Using the Liskov Substitution Principle (LSP) in React

Using the Liskov Substitution Principle (LSP) in React

With Code Example


React, a popular JavaScript library for creating user interfaces, places a focus on following software engineering principles to create extendable and maintainable applications. One such rule is the Liskov Substitution Principle (LSP), which makes sure that derived types can interchange their base types without negatively impacting the behavior of the application. Using the Liskov Substitution Principle to increase flexibility and reusability, we will examine how to implement a search input component in React in this post.

Understanding the Liskov Substitution Principle (LSP)

In object-oriented programming (OOP), the Liskov Substitution Principle is a fundamental idea that encourages the creation of replaceable and consistent components. According to LSP, derived types should be able to replace their base types without introducing unexpected behaviors or breaking the contracts set out by the base types.

Now, let us build a Search Input Component in React with the Liskov Substitution Principle: Let's have a look at an example that illustrates how to implement a search input component in React while maintaining the Liskov Substitution Principle.


import React, { useState } from 'react';
import SearchInput from './SearchInput';

const LSP = () => {
  const [value, setValue] = useState('');

  const handleChange = (e) => {

  return <SearchInput value={value} onChange={handleChange} isLarge />;

export default LSP;


import React from 'react';

const SearchInput = ({ value, onChange, isLarge, ...restProps }) => {
  return (
    <div className="flex w-10/12">
      <div className="relative w-full">
        <div className="flex absolute inset-y-0 left-0 items-center pl-3 pointer-events-none">
            className="w-5 h-5 text-gray-500 dark:text-gray-400"
            viewBox="0 0 24 24"
              d="M21 21l-6-6m2-5a7 7 0 11-14 0 7 7 0 0114 0z"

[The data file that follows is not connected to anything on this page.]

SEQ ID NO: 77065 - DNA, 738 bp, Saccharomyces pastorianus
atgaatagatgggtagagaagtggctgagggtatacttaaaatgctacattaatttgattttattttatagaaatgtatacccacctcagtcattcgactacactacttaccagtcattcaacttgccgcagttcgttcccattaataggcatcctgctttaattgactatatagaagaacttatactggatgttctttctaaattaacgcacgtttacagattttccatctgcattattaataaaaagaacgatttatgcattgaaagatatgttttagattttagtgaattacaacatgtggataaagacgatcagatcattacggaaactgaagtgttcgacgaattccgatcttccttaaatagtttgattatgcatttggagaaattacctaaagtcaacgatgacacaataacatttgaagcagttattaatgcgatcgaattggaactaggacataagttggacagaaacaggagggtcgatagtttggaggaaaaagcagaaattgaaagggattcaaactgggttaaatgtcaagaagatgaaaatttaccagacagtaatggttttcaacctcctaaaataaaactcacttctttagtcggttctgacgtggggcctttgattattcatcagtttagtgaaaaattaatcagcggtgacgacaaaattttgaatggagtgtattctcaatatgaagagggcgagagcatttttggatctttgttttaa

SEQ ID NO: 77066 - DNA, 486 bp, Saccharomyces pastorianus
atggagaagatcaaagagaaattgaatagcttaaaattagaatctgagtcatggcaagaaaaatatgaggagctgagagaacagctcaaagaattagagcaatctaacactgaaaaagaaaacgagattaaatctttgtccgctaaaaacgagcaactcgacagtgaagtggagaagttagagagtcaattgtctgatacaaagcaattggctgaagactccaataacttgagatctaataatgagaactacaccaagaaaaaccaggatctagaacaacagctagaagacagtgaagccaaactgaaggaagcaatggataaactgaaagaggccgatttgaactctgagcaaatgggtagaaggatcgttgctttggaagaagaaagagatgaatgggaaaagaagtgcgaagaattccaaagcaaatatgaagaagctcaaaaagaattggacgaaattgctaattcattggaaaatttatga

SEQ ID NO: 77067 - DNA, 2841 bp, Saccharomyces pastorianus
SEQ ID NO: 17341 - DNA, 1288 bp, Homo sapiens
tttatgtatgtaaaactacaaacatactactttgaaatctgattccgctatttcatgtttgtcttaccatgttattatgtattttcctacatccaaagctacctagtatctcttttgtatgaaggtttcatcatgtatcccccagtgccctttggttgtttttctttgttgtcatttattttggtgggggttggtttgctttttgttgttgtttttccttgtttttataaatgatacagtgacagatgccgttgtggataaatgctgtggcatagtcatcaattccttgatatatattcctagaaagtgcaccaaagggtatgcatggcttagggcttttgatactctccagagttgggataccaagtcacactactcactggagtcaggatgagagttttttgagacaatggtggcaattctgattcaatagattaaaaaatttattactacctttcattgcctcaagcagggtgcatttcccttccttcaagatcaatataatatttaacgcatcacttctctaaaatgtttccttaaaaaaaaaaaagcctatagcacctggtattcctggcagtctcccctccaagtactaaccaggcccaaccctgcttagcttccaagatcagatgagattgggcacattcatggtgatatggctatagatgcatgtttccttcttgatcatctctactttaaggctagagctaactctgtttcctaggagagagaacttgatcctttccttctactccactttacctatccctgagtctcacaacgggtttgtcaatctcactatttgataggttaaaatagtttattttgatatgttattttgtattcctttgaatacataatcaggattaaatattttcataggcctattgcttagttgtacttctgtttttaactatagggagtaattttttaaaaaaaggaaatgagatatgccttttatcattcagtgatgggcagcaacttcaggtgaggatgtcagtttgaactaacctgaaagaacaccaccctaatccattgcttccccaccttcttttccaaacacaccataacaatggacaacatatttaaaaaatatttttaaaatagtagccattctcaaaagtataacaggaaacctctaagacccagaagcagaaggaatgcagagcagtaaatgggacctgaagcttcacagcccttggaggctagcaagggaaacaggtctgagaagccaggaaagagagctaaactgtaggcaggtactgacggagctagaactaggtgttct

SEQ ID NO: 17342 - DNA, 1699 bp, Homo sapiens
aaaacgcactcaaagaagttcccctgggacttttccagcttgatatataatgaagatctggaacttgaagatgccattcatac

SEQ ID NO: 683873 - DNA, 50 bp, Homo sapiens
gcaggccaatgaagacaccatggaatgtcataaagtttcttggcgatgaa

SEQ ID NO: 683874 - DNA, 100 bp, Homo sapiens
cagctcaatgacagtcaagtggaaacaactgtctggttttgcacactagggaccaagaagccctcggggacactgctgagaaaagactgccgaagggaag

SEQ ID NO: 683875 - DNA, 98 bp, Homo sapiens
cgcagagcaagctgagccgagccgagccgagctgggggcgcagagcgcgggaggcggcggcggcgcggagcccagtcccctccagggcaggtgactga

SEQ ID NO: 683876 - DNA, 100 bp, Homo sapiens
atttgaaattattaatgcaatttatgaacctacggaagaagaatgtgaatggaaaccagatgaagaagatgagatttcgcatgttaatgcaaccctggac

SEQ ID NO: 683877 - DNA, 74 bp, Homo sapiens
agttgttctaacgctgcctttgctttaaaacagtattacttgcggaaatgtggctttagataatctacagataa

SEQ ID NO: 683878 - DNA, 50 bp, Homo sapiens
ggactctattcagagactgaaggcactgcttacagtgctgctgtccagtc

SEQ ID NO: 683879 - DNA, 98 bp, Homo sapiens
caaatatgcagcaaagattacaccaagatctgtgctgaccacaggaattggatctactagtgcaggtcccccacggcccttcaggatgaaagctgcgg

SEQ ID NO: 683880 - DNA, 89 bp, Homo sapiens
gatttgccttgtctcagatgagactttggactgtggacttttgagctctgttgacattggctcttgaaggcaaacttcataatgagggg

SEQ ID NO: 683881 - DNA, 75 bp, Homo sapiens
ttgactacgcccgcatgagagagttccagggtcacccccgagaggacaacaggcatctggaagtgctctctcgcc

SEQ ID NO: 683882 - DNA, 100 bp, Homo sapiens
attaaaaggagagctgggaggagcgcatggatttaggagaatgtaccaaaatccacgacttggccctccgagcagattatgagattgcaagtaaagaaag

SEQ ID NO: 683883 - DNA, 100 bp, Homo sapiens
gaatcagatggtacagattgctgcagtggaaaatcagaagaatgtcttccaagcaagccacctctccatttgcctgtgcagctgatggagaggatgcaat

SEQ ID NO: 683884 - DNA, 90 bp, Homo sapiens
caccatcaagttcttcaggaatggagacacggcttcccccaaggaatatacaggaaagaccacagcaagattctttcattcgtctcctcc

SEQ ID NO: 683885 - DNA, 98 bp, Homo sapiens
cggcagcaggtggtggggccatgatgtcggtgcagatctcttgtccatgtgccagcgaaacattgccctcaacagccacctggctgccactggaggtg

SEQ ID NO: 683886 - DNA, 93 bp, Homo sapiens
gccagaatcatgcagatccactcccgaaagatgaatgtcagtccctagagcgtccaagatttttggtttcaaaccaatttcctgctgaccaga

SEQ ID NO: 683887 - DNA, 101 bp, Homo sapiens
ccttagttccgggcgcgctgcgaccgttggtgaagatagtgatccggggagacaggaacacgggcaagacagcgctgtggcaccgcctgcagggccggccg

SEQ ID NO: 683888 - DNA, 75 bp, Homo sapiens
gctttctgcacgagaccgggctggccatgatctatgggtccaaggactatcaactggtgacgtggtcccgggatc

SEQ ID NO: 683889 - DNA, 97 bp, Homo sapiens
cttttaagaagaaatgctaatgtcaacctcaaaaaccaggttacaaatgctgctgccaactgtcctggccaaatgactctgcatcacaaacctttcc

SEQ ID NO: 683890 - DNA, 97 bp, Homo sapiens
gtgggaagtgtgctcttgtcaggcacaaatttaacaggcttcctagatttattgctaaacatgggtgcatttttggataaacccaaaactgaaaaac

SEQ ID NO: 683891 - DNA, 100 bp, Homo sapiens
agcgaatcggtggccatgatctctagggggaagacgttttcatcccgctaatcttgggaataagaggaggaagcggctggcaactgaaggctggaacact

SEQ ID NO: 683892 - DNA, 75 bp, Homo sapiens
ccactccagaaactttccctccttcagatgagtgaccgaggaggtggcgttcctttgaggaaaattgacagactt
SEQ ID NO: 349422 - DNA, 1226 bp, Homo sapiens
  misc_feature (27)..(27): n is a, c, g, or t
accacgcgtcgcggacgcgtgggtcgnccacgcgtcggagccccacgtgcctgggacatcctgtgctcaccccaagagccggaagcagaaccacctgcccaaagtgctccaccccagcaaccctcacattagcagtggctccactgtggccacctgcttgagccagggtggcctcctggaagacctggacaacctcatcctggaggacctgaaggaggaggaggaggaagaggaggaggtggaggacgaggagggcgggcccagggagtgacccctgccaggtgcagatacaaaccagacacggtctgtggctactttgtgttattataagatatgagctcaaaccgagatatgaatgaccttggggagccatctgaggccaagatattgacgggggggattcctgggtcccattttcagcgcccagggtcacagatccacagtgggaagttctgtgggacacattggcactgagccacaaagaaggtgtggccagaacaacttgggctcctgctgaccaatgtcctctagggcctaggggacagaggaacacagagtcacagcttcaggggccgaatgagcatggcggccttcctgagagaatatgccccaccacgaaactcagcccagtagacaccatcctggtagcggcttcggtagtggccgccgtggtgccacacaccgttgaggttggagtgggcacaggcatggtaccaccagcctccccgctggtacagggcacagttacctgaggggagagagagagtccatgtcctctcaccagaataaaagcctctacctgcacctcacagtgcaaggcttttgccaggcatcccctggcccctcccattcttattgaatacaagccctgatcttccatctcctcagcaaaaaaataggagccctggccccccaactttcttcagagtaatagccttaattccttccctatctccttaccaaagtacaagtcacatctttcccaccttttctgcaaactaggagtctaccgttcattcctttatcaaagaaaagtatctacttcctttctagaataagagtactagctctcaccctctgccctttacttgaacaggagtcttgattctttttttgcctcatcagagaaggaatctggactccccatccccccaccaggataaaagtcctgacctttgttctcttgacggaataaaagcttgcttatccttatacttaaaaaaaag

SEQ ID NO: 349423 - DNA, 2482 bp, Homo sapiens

isLarge ? 'text-3xl' : ''
          } block p-4 pl-10 w-full text-sm text-gray-900 bg-gray-50 rounded-lg border border-gray-300 focus:ring-blue-500 focus:border-blue-500 dark:bg-gray-700 dark:border-gray-600 dark:placeholder-gray-400 dark:text-white dark:focus:ring-blue-500 dark:focus:border-blue-500 outline-none`}
          placeholder="Search for the right one..."

export default SearchInput;

In the provided code example, we have a LSP component that renders a search input component called SearchInput. Let's examine how LSP is applied in this example:

  1. The SearchInput component acts as the derived component that extends the base input component provided by React. It accepts props such as value, onChange, isLarge, and any other props passed through the ...restProps spread operator.

  2. By using the ...restProps spread operator on the <input> element, the SearchInput component can handle additional props that are not explicitly destructured. This allows for seamless substitution of the SearchInput component for the base input component, ensuring compatibility and adherence to LSP.

  3. The LSP component uses the SearchInput component and manages its state through the useState hook. It passes the value and onChange props to the SearchInput component, enabling controlled input functionality.

  4. The optional isLarge prop in the LSP component demonstrates how derived components can introduce additional functionality while maintaining compatibility with the base component. In this case, the isLarge prop adjusts the size of the input field by adding a CSS class to the SearchInput component.

Benefits of Applying LSP in React

Applying the Liskov Substitution Principle in React components yields several advantages:

  1. Code Reusability: LSP promotes the reuse of code by ensuring that derived components can substitute their base components without altering the application's logic or expected behavior.

  2. Flexibility and Extensibility: Derived components can introduce additional props and functionalities while honoring the interface of the base component. This allows for flexible customization and extensibility without breaking the component hierarchy.

  3. Maintainability: Adhering to LSP enhances the maintainability of React applications. Derived components can be modified or extended without impacting the existing codebase, promoting modularity and ease of maintenance.

Try it in the Code Sandbox


By implementing the Liskov Substitution Principle (LSP) in React components, we can create flexible and reusable code. In the example of the search input component, the derived SearchInput component seamlessly substitutes the base input component while introducing additional features. Adhering to LSP ensures code reusability, flexibility, and maintainability in React applications. Embracing LSP empowers developers to build scalable and robust React components that can be easily extended or modified, leading to more efficient development processes and high-quality applications.

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